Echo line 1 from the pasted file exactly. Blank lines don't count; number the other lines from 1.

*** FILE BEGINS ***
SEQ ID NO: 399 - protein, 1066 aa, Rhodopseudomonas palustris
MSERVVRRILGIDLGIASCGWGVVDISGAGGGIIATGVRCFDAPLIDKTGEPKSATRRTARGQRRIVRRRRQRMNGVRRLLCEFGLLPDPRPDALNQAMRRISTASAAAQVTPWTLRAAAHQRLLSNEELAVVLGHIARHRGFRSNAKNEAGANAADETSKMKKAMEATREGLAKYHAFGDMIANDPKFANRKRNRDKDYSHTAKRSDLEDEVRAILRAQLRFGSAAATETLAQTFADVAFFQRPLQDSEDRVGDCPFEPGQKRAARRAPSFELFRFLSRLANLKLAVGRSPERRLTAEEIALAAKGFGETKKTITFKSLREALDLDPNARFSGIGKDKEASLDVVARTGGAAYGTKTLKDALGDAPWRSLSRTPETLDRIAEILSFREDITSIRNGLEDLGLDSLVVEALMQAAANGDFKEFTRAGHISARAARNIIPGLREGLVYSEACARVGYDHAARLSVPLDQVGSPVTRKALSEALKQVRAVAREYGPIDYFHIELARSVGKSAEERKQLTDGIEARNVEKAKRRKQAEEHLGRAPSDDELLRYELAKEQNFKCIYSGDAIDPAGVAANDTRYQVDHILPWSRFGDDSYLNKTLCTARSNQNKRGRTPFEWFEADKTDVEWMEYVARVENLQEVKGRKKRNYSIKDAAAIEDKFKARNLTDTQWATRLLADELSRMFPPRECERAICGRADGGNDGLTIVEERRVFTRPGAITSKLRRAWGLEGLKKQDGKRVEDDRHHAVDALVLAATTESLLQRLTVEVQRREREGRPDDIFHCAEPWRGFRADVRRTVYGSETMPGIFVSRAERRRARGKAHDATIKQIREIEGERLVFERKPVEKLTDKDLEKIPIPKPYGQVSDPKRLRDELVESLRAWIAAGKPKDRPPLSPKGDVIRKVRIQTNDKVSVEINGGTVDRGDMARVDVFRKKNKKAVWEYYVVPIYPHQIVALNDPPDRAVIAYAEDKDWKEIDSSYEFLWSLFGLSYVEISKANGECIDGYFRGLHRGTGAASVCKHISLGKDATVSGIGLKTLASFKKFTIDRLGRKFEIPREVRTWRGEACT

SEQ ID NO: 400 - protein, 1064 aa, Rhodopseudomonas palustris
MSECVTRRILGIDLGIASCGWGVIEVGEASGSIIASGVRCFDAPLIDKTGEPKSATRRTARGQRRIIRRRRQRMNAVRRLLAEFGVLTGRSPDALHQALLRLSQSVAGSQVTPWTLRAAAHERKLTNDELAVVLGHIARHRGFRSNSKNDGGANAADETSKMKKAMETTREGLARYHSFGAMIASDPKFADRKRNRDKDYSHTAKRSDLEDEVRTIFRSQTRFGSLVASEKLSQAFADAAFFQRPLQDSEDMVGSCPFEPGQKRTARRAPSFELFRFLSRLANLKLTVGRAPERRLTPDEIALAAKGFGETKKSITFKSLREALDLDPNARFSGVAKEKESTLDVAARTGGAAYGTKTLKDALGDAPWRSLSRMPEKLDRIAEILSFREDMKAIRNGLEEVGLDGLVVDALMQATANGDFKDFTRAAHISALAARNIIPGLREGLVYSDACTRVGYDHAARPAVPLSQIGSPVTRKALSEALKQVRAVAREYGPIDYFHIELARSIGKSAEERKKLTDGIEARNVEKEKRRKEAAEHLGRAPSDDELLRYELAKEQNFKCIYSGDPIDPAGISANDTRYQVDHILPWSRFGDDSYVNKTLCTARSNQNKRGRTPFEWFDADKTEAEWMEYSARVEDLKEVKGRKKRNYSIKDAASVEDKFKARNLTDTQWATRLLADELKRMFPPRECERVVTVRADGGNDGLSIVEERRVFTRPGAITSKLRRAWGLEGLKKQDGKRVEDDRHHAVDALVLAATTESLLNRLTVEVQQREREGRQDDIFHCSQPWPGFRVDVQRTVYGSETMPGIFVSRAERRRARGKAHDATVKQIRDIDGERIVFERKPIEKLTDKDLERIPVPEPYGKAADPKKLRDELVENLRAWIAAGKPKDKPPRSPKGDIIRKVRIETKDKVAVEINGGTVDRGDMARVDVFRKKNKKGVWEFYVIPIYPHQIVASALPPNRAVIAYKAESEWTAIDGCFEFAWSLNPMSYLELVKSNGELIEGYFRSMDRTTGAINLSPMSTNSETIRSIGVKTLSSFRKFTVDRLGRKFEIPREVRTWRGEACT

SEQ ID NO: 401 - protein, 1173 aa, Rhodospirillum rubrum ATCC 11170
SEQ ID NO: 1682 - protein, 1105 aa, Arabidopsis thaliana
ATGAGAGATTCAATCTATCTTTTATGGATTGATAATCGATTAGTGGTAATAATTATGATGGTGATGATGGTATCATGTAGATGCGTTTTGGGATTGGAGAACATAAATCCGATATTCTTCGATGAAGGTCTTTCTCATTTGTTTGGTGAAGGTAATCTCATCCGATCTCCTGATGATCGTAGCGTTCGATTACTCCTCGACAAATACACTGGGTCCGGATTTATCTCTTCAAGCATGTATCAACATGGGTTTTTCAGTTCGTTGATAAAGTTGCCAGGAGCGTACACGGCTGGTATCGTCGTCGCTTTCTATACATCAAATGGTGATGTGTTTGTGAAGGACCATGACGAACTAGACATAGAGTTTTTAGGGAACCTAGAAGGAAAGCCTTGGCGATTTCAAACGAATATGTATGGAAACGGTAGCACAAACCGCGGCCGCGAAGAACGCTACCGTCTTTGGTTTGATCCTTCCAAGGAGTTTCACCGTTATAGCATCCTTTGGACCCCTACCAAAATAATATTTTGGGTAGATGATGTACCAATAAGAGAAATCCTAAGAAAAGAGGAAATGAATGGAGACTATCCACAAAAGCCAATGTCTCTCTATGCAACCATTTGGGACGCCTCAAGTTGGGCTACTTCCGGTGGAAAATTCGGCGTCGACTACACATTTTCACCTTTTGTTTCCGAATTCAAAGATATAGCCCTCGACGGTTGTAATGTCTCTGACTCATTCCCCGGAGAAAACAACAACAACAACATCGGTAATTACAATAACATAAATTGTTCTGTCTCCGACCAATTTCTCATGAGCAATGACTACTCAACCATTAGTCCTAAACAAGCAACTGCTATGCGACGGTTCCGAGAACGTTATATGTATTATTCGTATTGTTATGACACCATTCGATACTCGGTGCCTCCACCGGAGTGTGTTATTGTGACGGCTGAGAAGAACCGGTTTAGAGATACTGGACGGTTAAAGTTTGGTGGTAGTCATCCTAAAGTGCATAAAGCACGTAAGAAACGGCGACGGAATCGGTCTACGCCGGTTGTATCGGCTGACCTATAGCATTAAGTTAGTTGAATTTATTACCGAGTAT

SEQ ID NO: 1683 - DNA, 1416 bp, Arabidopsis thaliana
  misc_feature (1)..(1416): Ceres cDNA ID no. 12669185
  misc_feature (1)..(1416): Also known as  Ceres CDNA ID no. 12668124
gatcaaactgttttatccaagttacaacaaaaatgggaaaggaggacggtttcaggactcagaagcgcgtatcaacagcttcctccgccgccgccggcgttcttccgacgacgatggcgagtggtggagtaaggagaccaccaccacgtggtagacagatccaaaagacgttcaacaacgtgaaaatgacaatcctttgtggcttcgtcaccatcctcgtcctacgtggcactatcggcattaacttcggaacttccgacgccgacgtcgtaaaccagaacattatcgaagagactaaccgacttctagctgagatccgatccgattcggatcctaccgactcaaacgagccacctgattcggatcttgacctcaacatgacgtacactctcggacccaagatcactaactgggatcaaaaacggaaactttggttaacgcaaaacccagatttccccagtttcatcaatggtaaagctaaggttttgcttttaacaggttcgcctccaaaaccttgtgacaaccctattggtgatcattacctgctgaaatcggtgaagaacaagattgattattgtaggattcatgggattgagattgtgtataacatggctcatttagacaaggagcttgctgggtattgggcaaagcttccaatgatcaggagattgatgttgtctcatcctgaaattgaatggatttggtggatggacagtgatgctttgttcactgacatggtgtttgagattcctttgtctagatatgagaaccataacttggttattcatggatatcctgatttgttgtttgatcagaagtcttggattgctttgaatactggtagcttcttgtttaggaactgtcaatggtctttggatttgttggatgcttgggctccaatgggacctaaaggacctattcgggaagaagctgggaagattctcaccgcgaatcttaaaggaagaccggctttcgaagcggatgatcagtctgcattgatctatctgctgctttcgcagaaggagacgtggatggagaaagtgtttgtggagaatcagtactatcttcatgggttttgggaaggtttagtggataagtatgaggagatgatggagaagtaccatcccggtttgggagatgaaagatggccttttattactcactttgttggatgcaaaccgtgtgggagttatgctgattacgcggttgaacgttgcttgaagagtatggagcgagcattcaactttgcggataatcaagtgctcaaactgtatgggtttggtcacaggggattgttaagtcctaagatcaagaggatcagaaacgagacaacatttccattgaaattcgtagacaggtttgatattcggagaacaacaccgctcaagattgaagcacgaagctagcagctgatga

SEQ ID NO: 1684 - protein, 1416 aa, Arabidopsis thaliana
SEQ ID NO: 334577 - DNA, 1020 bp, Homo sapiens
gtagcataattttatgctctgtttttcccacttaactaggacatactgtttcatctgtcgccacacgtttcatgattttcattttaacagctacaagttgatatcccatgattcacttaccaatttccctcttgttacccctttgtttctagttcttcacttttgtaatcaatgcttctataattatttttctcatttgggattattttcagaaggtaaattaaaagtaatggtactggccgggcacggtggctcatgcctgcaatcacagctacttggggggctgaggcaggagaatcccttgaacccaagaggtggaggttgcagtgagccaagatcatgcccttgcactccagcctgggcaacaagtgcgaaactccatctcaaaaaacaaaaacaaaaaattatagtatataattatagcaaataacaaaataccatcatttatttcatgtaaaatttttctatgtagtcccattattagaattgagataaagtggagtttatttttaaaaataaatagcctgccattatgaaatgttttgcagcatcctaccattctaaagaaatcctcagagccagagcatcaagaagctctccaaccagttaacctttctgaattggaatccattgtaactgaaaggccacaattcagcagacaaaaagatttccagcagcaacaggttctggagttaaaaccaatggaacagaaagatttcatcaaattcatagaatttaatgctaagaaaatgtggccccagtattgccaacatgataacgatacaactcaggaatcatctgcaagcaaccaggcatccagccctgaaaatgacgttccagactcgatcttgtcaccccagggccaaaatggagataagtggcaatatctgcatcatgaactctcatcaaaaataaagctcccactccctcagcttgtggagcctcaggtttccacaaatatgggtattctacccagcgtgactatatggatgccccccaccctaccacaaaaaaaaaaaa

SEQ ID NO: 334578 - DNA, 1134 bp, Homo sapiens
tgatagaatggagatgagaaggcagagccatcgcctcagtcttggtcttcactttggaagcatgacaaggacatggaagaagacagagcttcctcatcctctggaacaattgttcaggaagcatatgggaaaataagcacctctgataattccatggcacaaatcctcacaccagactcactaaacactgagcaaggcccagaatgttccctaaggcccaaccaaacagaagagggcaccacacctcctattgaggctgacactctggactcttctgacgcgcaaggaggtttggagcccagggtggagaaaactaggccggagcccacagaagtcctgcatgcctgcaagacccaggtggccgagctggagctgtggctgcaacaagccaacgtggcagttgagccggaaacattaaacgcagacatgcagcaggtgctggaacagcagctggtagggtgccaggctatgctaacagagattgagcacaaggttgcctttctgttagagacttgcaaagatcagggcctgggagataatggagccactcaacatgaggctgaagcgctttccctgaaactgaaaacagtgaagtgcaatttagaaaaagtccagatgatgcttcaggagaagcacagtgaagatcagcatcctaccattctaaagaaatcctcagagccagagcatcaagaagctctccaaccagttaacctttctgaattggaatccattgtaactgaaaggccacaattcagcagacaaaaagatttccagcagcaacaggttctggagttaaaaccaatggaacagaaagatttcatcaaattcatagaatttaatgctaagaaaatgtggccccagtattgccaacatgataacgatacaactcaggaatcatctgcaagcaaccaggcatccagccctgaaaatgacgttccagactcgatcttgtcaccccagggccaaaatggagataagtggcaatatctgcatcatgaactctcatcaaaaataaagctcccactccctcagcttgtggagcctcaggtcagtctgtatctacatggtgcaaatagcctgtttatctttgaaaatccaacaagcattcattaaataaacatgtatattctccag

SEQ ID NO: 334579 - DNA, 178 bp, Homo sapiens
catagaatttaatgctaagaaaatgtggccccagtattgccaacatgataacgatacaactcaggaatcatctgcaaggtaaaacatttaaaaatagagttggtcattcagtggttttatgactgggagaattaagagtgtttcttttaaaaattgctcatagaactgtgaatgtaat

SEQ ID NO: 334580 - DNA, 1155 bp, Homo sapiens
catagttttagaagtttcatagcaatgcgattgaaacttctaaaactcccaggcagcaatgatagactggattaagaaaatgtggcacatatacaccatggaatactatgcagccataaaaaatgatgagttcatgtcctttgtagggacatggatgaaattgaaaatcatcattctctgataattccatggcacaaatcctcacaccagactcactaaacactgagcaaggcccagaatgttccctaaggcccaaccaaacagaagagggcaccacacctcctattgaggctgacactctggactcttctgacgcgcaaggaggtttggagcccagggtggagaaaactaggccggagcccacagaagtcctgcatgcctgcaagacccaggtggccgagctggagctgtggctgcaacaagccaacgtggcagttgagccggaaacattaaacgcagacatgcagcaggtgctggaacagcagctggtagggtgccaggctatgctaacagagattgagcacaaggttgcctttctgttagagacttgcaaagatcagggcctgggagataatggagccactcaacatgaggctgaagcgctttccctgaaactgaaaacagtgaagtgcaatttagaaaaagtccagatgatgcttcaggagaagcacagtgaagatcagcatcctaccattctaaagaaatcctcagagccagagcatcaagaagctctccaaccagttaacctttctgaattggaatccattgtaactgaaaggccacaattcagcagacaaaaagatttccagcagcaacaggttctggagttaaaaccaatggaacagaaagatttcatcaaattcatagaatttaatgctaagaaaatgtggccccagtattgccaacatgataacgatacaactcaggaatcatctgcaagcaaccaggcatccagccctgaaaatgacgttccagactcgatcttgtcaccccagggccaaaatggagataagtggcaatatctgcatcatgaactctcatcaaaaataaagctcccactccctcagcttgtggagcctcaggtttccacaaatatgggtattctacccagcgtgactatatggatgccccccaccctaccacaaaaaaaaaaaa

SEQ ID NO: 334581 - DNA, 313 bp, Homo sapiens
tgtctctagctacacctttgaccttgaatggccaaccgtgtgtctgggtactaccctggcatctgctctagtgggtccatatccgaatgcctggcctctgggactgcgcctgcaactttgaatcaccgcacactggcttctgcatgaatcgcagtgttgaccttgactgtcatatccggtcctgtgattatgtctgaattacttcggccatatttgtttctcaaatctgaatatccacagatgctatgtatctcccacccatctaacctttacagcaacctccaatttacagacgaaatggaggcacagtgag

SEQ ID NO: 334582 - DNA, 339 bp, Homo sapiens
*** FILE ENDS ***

SEQ ID NO: 399 - protein, 1066 aa, Rhodopseudomonas palustris